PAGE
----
The Mommy Wars


The Mommy Wars: The battle between mothers with different parenting styles, who think any other parenting choices are invalid. It originated between stay-at-home and working mothers and expanded into the issues well past those of employment.

Tracy used to enjoy spending time with a college friend who had children around the same ages as her 9-year-old daughter and 6-year-old son. “As my friend’s daughter was getting older, around 8, she continued to sleep in her parents’ bed, well past the age most people would consider appropriate,” recalls the Wilmington, DE mom. “Over time, it began to affect my friend’s relationship with her husband. She’d tell me that he moved into the basement to sleep on the couch. It got to the point where I didn’t know if I should support her or judge her for what I thought was a problem that was causing a bigger issue in her marriage. It was difficult for me to understand.”

Though Tracy and her friend agreed to disagree about this topic, the difference of opinion ultimately strained their relationship. They’re not alone. 

Among families and friends, the tendency to judge instead of accept different parenting styles about everything from children’s eating habits to punishments and TV-watching limits can drive a wedge in even the strongest of personal alliances. The common occurrence contributes to the ongoing push-pull of the so-called “Mommy Wars.” But there’s no need to get up in arms. Knowing when it is appropriate to share your opinion and the proper way to convey your message can spell the difference between helping someone you care about and ruining a relationship.

Stop judging other moms' parenting styles

Even when a friend shares a kid-incident anecdote you feel you’d have handled in a different way, experts insist it is almost never OK to offer unsolicited parenting advice. If you feel compelled to say something, “Empathize first, no judgments, and open a door for conversation,” says psychologist Richard Selznick, PhD, director of the Cooper Learning Center in Voorhees, NJ. 

Coming from a position of curiosity can be a conversation-starter. “For example, if your friend is still breast-feeding her 4-year-old, you might say, ‘I’m just wondering what your plan is and how much longer you’re planning on breast-feeding Ed,’” suggests Jacqueline Hudak, MEd, PhD, clinical director of the Center for Couples and Adult Families at the University of Pennsylvania’s Perelman School of Medicine. Feedback will be different when you ask a sincere question rather than make a statement that could be interpreted as criticism.


Stand your ground — politely

Family Expectations

It can be especially difficult when family members offer unsolicited advice. Generational attitudes can easily cause friction, especially among new parents. “The older generation is going to believe they did it better,” says Selznick. And they may not be shy about sharing their opinion.

On the flip side, problems often occur when a new generation of parents eschews long-held family traditions. “For example, members of my family have worn this christening gown for three generations but a new mom wants to buy a new christening gown,” says Hudak. “Or she wants to hyphenate the kid’s last name and nobody likes that idea. It necessitates that the new parents begin to renegotiate some of their old relationships as adults and take different positions toward those family rituals.”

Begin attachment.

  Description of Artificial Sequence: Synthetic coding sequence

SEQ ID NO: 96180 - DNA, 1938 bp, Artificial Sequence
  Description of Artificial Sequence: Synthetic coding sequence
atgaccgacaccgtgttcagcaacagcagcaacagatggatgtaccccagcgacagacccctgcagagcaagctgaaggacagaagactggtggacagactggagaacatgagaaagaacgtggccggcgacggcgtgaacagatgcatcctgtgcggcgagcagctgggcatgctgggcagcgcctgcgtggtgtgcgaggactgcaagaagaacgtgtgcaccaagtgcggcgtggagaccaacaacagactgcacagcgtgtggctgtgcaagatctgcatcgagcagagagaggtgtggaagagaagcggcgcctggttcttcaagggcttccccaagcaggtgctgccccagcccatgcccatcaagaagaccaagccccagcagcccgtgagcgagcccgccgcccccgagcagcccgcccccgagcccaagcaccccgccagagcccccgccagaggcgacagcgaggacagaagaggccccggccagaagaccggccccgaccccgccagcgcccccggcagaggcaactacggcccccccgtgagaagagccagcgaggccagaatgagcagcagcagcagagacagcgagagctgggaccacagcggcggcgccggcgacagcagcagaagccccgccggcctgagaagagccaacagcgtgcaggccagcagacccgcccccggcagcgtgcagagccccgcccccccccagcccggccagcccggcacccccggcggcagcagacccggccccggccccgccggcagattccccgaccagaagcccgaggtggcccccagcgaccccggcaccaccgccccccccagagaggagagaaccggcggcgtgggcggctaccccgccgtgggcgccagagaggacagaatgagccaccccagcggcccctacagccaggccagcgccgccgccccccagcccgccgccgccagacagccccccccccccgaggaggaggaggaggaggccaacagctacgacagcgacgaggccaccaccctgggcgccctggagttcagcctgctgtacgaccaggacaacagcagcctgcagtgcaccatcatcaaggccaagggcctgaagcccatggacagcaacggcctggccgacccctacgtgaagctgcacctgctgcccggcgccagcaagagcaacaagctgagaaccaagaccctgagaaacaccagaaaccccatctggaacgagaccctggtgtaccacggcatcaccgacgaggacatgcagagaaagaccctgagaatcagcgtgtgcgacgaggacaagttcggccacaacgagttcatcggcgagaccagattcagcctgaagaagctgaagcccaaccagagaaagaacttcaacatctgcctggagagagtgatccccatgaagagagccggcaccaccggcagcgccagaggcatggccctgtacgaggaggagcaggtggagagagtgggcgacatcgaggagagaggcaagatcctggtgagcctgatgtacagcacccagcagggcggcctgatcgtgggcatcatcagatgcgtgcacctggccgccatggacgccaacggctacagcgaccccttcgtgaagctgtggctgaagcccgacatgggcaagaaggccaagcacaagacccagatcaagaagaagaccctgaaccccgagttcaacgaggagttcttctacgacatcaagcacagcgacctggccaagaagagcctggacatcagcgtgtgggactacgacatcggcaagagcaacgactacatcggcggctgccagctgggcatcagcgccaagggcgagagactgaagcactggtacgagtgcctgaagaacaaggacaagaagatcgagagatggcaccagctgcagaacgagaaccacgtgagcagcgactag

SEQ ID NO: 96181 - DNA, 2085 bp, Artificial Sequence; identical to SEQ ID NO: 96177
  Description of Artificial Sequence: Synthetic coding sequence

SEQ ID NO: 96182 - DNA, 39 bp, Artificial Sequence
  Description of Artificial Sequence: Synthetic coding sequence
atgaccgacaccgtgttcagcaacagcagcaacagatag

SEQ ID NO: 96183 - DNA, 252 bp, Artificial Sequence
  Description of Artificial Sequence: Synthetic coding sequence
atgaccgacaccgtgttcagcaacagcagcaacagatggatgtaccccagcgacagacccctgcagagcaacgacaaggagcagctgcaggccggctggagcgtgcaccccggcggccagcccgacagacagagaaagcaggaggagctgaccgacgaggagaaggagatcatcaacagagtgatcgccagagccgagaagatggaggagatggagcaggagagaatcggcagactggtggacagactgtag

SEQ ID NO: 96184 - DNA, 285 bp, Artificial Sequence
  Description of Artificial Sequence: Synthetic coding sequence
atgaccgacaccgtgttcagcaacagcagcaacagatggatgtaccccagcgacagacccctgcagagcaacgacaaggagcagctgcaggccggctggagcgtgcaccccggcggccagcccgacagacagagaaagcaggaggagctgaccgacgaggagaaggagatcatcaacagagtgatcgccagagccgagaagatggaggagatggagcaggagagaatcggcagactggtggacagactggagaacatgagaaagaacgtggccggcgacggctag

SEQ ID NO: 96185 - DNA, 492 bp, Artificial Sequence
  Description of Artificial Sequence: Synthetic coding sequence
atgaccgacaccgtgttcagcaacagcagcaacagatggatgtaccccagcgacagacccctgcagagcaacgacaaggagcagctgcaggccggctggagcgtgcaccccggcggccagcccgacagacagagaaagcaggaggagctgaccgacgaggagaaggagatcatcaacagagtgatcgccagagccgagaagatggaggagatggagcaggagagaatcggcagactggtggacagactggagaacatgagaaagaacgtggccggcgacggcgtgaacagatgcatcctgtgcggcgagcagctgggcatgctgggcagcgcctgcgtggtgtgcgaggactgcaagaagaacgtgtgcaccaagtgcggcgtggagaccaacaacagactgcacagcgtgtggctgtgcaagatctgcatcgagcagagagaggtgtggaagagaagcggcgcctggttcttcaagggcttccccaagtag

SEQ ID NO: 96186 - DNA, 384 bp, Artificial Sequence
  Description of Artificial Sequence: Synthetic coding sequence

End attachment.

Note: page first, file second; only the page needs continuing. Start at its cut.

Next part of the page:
Birth order also comes into play. “An older sister is going to feel that she has the right to tell the younger sister how to do anything, including raising her children,” says Hudak. It’s up to the younger sister to decide how to respond. Selznick believes there is generally more latitude given within families, but echoes his belief that ultimately, "how you raise your child is fundamentally not someone else's business."

There are a few occasions when sharing your opinions can be productive. “Let’s say you are a child developmental specialist, and you see somebody’s kid who looks like he’s on the spectrum,” says Hudak. “If you have expertise that’s going to benefit that child and that family, share it. But that doesn’t happen a lot.”

It’s also appropriate to expect friends (and their kids) who visit your home to follow your rules, even if they do things differently in their household. “In my house we don’t eat in the living room and we have rules about ‘please’ and ‘thank you,’ ” says Hudak. “Every home has different norms, and it’s fine to enforce those within your home. But acknowledge that other families don’t necessarily have the same kind of values.”

What if you’re on the receiving end of judgy advice? It’s easy to take offense, but Hudak advises that you consider whether one hurtful remark is worth ruining a friendship: “You can say, ‘I appreciate what you’re saying, but I’ve decided to do something else. It doesn’t mean I don’t care about you.’ Differing opinions don’t always have to mean conflict.”

That’s the sentiment of groups of mom bloggers, including MK MomSpeaker Jeanne McCullough, who’ve lately posted “End the Mommy Wars” photo essays. The women in the pictures disagree, yet happily pose and  state their positions on cue cards — no conflict, no judgment. It’s an approach Selznick favors: “It comes down to beliefs and opinions; how you raise your child is fundamentally not someone else’s business.”

Terri Akman is a contributing writer to MetroKids.


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